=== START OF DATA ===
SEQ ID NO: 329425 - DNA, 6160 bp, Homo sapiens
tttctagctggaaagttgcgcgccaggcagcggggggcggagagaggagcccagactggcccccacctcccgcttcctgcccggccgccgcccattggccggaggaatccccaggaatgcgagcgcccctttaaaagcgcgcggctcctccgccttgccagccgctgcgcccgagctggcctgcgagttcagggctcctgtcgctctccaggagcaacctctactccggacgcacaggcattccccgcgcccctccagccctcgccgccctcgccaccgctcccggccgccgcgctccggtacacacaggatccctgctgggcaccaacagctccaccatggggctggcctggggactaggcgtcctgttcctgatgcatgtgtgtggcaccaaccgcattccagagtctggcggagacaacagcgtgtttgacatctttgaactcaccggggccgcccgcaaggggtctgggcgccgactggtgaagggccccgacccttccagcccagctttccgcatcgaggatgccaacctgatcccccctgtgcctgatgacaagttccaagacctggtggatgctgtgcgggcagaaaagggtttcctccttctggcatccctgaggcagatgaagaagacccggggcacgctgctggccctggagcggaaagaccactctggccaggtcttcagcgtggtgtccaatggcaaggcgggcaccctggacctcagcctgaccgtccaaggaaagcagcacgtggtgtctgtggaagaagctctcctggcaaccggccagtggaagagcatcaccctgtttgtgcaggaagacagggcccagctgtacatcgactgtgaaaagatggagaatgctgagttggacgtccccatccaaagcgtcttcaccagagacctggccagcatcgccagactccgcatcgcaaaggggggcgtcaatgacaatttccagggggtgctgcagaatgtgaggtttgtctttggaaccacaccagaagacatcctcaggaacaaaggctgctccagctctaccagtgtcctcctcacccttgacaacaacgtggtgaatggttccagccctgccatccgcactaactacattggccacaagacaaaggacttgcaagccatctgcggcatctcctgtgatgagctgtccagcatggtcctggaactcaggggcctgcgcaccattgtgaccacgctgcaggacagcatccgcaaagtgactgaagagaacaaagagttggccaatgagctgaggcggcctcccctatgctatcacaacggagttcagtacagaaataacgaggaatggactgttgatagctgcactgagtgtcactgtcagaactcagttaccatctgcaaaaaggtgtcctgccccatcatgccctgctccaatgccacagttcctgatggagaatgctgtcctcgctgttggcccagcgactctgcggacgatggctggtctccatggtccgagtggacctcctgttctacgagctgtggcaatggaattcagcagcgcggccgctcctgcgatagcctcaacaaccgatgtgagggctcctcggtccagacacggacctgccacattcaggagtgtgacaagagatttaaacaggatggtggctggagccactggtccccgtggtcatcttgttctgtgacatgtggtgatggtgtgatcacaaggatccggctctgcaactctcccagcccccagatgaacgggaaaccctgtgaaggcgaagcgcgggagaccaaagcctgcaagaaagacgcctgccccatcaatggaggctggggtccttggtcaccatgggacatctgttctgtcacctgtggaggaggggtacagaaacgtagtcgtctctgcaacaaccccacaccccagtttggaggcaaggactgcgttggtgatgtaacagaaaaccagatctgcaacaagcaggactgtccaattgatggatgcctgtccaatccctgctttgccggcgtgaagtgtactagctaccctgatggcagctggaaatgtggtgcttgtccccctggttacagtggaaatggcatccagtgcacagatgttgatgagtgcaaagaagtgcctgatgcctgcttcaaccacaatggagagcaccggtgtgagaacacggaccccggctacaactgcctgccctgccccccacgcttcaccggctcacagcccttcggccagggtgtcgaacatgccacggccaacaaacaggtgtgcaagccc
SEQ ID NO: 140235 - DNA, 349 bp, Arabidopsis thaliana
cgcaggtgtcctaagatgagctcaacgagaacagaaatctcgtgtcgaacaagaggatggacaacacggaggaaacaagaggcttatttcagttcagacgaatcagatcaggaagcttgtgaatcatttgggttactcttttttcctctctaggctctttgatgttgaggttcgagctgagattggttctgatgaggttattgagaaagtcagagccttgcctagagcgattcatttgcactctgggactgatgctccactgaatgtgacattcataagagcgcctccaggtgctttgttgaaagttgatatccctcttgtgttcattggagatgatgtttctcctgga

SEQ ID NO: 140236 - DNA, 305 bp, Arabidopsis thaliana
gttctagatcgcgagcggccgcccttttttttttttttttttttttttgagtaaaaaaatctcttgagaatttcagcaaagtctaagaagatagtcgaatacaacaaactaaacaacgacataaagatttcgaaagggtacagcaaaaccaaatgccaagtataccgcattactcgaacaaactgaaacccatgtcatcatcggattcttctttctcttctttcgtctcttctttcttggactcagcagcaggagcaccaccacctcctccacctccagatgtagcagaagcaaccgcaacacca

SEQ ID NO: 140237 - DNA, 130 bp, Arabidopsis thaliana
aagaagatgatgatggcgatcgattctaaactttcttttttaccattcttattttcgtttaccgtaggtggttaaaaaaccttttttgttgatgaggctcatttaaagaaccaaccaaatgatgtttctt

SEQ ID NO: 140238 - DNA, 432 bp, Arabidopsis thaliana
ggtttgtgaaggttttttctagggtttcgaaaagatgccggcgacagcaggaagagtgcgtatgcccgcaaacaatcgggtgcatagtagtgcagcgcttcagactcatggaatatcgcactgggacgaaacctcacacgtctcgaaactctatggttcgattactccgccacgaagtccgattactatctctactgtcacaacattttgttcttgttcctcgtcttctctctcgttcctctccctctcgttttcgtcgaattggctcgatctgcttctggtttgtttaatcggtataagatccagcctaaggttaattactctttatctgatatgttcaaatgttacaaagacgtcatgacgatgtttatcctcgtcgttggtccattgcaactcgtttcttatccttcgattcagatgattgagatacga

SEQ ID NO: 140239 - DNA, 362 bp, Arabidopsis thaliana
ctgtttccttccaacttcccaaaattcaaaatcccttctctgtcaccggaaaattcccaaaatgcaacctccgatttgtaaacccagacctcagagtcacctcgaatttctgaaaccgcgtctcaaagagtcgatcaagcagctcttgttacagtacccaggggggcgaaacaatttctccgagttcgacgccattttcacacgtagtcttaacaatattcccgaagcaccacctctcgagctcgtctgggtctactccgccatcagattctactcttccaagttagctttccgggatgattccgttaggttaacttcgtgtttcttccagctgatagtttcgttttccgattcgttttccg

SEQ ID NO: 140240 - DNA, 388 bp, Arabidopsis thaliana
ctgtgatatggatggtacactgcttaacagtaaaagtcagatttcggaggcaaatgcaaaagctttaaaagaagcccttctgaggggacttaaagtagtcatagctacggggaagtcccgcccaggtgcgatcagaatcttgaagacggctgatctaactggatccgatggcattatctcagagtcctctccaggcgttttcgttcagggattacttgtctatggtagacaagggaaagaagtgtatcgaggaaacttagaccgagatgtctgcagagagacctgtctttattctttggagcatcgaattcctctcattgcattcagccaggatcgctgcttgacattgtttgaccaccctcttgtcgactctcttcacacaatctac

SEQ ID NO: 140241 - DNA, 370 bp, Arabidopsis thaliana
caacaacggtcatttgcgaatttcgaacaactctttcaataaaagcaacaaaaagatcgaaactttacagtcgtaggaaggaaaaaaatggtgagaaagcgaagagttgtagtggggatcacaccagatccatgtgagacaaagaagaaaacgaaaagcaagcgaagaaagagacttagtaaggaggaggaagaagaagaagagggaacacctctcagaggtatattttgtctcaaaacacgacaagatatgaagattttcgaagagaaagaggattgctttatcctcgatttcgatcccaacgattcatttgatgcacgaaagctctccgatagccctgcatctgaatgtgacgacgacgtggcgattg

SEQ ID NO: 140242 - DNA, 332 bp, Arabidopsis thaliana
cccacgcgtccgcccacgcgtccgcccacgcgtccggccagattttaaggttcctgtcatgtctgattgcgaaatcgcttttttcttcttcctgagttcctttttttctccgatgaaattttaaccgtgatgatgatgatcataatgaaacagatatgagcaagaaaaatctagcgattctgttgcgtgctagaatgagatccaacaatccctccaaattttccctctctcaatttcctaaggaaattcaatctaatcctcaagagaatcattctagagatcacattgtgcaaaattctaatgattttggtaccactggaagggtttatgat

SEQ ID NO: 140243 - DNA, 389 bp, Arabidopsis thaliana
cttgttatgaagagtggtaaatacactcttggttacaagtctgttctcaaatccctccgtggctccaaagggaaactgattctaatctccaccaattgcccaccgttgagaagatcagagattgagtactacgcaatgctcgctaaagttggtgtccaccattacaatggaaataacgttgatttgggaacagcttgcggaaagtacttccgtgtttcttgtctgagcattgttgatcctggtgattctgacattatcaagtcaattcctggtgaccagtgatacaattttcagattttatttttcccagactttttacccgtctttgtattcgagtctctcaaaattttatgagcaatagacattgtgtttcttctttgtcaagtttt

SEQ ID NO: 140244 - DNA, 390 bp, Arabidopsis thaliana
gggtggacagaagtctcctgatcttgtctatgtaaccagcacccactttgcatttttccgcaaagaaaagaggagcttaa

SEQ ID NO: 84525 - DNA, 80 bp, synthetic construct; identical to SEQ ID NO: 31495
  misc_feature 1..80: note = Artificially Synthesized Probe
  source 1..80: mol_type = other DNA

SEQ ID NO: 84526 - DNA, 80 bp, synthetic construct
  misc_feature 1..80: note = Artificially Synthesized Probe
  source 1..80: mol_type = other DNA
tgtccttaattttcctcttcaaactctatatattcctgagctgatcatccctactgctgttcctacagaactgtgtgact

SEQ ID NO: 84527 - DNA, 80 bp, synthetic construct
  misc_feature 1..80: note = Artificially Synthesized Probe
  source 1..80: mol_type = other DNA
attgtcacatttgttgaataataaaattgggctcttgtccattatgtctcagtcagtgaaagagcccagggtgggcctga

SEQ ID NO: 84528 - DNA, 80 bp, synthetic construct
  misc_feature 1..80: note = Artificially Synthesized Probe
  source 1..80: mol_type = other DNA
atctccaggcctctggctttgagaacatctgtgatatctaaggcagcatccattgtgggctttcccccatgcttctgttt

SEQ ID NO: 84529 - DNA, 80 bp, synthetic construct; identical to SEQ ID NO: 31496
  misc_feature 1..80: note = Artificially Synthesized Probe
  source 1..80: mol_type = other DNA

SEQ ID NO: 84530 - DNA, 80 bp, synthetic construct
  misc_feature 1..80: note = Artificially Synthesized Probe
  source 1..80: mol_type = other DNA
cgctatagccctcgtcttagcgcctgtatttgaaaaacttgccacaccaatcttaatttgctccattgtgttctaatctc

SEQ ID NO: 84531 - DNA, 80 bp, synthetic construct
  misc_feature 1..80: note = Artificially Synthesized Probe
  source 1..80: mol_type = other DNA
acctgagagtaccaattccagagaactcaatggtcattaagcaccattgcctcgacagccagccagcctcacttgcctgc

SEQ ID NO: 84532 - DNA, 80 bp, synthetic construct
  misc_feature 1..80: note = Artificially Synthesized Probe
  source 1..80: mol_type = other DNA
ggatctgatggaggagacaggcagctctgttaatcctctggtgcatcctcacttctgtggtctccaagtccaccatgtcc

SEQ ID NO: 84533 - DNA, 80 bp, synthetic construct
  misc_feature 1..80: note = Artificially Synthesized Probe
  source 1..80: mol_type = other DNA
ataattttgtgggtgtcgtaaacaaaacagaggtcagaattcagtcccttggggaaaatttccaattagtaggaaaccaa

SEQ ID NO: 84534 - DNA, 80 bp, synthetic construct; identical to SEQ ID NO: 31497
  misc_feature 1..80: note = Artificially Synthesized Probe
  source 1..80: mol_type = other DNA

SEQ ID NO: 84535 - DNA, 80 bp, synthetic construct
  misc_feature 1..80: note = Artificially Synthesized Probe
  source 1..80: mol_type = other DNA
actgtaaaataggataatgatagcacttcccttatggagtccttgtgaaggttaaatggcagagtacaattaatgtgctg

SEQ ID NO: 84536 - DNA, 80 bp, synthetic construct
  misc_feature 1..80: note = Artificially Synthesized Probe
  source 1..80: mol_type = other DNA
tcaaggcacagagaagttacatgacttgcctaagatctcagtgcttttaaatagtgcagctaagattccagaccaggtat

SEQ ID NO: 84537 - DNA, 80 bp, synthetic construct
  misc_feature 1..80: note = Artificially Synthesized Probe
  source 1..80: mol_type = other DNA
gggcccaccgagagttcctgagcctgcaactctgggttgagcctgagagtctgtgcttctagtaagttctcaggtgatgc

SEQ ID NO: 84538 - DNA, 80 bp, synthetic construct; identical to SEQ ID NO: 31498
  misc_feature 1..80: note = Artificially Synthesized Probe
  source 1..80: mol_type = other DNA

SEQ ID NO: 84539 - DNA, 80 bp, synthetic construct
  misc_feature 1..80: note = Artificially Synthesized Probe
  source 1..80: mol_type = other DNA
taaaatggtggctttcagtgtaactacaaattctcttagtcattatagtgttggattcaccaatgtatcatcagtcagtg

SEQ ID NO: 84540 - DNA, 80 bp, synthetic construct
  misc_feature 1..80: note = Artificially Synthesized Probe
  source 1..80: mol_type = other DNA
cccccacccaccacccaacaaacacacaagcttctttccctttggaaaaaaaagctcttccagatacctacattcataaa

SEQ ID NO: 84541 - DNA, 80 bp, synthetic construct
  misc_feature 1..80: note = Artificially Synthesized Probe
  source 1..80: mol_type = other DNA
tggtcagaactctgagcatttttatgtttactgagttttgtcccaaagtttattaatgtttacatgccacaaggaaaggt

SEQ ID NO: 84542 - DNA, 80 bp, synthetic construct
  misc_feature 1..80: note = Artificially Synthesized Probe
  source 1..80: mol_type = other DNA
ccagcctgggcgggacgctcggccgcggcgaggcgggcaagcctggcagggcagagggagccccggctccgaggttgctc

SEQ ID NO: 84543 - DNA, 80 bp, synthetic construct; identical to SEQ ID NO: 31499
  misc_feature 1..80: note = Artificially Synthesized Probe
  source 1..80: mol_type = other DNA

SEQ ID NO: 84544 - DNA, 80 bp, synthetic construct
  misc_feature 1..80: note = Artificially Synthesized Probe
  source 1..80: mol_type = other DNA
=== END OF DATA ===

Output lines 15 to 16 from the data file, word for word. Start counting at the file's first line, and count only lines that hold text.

SEQ ID NO: 140241 - DNA, 370 bp, Arabidopsis thaliana
caacaacggtcatttgcgaatttcgaacaactctttcaataaaagcaacaaaaagatcgaaactttacagtcgtaggaaggaaaaaaatggtgagaaagcgaagagttgtagtggggatcacaccagatccatgtgagacaaagaagaaaacgaaaagcaagcgaagaaagagacttagtaaggaggaggaagaagaagaagagggaacacctctcagaggtatattttgtctcaaaacacgacaagatatgaagattttcgaagagaaagaggattgctttatcctcgatttcgatcccaacgattcatttgatgcacgaaagctctccgatagccctgcatctgaatgtgacgacgacgtggcgattg